Aim: To determine the contribution of food and vitamin D supplements on the serum 25-hydroxyvitamin D3 (25(OH)D3) concentration between October and April in a northern country (almost absent vitamin D synthesis by sunlight). Methods: Children aged 1–18 years were selected who visited the general pediatrician with a complaint whereby serum 25(OH)D3 concentration was determined. The intake of vitamin D was calculated based on a dietary questionnaire. Results: 51.1% of the 174 children had a serum 25(OH)D3 concentration below 50 nmol/L, 9.2% had a serum 25(OH)D3 concentration below 30 nmol/L. Adolescents showed lower concentrations compared to younger children. There was a positive correlation between the total amount of vitamin D obtained from food and the serum 25(OH)D3 concentration (r = 0.218, p = 0.004). The intake of milk contributed more to the serum 25(OH)D3 concentration compared to the intake of artificial supplementation, butter or fish. Conclusions: In the absence of vitamin D synthesis by sunlight, vitamin D obtained from food has a significant influence on the serum 25(OH)D3 concentration in children. Vitamin D supplements can be described as trivial. This means we should pay more attention to food as a natural source of vitamin D.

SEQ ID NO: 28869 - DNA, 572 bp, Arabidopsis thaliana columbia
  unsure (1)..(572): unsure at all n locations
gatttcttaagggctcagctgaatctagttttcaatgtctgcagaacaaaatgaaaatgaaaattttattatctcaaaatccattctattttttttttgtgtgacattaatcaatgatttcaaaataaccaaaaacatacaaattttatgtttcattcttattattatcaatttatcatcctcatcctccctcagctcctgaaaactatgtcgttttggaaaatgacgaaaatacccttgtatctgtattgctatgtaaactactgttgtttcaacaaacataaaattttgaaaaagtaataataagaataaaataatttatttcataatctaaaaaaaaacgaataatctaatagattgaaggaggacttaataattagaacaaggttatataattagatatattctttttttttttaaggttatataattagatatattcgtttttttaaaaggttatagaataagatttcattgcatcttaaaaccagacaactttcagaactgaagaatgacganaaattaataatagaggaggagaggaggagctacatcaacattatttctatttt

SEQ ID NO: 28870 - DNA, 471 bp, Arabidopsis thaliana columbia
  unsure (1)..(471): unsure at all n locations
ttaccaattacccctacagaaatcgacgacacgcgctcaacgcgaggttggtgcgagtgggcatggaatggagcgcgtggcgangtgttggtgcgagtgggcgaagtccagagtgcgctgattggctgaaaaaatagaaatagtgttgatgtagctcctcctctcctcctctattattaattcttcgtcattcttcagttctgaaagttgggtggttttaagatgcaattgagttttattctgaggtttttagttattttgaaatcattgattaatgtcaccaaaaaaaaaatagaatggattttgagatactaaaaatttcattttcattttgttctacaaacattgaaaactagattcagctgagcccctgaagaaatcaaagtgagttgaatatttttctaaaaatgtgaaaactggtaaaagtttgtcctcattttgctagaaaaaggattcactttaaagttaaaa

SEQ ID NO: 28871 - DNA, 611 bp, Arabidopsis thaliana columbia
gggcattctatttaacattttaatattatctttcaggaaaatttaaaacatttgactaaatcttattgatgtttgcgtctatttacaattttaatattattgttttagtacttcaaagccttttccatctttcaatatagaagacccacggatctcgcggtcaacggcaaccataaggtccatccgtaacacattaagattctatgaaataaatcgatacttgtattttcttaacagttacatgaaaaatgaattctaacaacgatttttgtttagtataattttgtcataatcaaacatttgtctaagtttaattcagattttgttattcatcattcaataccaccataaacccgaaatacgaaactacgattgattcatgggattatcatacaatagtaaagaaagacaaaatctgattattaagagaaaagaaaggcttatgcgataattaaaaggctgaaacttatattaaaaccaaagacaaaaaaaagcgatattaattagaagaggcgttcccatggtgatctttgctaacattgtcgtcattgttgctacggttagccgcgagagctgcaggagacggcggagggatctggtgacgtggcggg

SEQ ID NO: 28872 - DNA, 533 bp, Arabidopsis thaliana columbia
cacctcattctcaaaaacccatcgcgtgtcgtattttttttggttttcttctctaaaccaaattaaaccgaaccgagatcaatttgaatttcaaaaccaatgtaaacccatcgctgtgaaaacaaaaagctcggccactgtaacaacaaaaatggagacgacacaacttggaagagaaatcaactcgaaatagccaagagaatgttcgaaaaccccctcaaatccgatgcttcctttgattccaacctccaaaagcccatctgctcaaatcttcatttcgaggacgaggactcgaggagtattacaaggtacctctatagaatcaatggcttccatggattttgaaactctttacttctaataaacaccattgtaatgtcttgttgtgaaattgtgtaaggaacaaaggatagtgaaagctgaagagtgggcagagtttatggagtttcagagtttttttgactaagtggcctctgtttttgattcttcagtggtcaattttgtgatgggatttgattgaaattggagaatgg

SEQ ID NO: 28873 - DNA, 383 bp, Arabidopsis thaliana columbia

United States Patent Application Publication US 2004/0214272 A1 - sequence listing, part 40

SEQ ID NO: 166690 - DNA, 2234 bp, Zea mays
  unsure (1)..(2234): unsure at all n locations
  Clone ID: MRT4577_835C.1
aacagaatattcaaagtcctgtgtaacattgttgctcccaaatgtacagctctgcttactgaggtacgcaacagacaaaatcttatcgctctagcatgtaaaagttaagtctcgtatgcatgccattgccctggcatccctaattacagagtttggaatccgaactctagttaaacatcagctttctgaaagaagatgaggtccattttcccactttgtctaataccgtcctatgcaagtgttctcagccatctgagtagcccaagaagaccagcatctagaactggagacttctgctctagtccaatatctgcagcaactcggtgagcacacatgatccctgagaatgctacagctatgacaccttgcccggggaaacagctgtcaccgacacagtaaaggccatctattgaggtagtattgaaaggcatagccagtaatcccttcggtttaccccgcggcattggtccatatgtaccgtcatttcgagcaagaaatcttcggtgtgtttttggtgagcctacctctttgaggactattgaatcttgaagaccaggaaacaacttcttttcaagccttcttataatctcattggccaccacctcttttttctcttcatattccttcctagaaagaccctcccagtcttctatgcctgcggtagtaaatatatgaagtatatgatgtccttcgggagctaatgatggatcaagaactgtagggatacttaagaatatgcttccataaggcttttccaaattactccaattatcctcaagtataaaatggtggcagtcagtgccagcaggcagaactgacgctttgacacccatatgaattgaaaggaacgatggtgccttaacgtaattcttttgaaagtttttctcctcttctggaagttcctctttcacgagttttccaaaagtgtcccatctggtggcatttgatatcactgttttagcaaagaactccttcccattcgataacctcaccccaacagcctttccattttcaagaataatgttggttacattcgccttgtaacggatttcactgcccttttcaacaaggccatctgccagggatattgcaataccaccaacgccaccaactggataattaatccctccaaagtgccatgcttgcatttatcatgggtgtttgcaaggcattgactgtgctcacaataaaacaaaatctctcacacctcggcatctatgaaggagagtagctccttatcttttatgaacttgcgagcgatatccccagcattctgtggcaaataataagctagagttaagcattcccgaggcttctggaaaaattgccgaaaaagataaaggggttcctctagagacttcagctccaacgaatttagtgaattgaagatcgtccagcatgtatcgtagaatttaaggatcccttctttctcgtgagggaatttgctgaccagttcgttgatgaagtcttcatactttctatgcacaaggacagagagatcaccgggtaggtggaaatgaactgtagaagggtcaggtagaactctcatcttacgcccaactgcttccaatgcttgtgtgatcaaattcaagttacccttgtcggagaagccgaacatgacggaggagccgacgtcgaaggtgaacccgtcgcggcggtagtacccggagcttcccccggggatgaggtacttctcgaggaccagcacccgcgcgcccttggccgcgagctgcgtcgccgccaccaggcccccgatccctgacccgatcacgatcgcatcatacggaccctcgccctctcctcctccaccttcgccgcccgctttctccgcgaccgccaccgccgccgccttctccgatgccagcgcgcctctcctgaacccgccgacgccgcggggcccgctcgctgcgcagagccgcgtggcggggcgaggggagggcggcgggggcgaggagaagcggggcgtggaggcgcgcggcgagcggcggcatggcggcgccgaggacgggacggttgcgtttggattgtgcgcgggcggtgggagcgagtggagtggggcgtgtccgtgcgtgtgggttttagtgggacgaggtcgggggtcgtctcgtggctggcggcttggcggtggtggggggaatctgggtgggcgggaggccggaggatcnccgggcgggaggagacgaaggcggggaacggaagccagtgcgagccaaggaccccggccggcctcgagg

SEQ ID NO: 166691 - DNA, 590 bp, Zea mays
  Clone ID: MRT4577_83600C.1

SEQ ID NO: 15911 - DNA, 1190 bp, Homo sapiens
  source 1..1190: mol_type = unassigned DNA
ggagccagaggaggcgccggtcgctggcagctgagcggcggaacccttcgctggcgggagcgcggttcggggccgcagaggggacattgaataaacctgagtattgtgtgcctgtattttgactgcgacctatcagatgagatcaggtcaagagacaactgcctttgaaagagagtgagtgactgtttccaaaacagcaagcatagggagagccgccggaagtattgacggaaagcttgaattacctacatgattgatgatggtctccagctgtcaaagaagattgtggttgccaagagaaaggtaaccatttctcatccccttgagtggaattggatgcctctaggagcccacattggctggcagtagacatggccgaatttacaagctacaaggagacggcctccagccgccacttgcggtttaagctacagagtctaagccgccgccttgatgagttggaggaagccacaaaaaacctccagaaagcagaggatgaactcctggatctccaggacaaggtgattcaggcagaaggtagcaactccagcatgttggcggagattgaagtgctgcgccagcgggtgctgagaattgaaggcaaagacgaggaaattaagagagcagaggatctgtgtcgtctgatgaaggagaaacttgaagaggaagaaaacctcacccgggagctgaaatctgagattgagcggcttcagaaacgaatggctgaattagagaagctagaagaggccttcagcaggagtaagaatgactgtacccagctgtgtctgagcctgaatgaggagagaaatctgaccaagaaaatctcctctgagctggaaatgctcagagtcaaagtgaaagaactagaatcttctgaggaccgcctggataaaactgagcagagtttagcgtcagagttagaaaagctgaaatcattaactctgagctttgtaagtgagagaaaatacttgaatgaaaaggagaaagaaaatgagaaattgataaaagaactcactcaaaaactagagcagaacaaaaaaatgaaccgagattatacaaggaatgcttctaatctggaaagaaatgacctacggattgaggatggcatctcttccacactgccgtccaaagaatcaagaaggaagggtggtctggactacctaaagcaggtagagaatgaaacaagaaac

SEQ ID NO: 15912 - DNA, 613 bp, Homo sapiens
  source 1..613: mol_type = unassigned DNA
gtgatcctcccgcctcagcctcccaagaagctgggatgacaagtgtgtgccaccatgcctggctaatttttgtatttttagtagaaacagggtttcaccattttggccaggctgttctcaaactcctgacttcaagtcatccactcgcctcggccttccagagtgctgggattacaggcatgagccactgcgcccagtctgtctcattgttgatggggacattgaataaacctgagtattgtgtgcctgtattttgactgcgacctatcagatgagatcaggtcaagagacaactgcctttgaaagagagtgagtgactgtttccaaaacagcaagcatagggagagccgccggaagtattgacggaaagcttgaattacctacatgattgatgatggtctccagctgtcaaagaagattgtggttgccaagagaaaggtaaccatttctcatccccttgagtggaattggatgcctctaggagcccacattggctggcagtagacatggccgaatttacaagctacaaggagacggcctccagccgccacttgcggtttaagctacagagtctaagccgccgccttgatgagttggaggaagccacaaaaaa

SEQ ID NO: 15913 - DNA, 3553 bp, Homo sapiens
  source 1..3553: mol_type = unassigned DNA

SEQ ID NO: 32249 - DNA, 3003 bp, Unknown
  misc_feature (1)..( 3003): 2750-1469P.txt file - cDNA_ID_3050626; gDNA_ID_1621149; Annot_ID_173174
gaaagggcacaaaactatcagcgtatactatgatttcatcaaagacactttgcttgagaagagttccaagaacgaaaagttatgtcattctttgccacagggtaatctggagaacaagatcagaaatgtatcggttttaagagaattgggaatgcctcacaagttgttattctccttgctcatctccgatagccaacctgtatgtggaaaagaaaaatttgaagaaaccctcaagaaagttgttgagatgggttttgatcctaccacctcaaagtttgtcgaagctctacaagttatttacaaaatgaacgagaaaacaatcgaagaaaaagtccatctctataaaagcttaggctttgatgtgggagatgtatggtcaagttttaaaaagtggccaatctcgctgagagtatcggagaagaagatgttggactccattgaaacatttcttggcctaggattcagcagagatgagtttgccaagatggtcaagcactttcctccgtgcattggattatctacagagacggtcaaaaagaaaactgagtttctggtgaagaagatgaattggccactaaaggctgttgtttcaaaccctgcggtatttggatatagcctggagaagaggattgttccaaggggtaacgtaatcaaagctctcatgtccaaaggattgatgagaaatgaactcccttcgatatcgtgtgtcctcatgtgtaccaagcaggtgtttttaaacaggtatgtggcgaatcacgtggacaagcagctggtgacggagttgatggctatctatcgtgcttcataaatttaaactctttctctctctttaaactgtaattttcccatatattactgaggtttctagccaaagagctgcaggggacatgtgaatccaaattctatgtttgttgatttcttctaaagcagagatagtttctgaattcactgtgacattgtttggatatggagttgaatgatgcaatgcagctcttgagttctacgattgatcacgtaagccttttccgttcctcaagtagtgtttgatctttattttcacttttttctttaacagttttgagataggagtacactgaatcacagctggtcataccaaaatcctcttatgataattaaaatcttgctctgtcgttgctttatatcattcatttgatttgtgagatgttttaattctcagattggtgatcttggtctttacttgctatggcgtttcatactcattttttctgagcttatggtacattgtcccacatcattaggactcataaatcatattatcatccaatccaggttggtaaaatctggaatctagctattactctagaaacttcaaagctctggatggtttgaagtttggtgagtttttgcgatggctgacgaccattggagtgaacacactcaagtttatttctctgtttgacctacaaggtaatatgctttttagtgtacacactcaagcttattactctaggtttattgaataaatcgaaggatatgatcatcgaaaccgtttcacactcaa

- vitamin D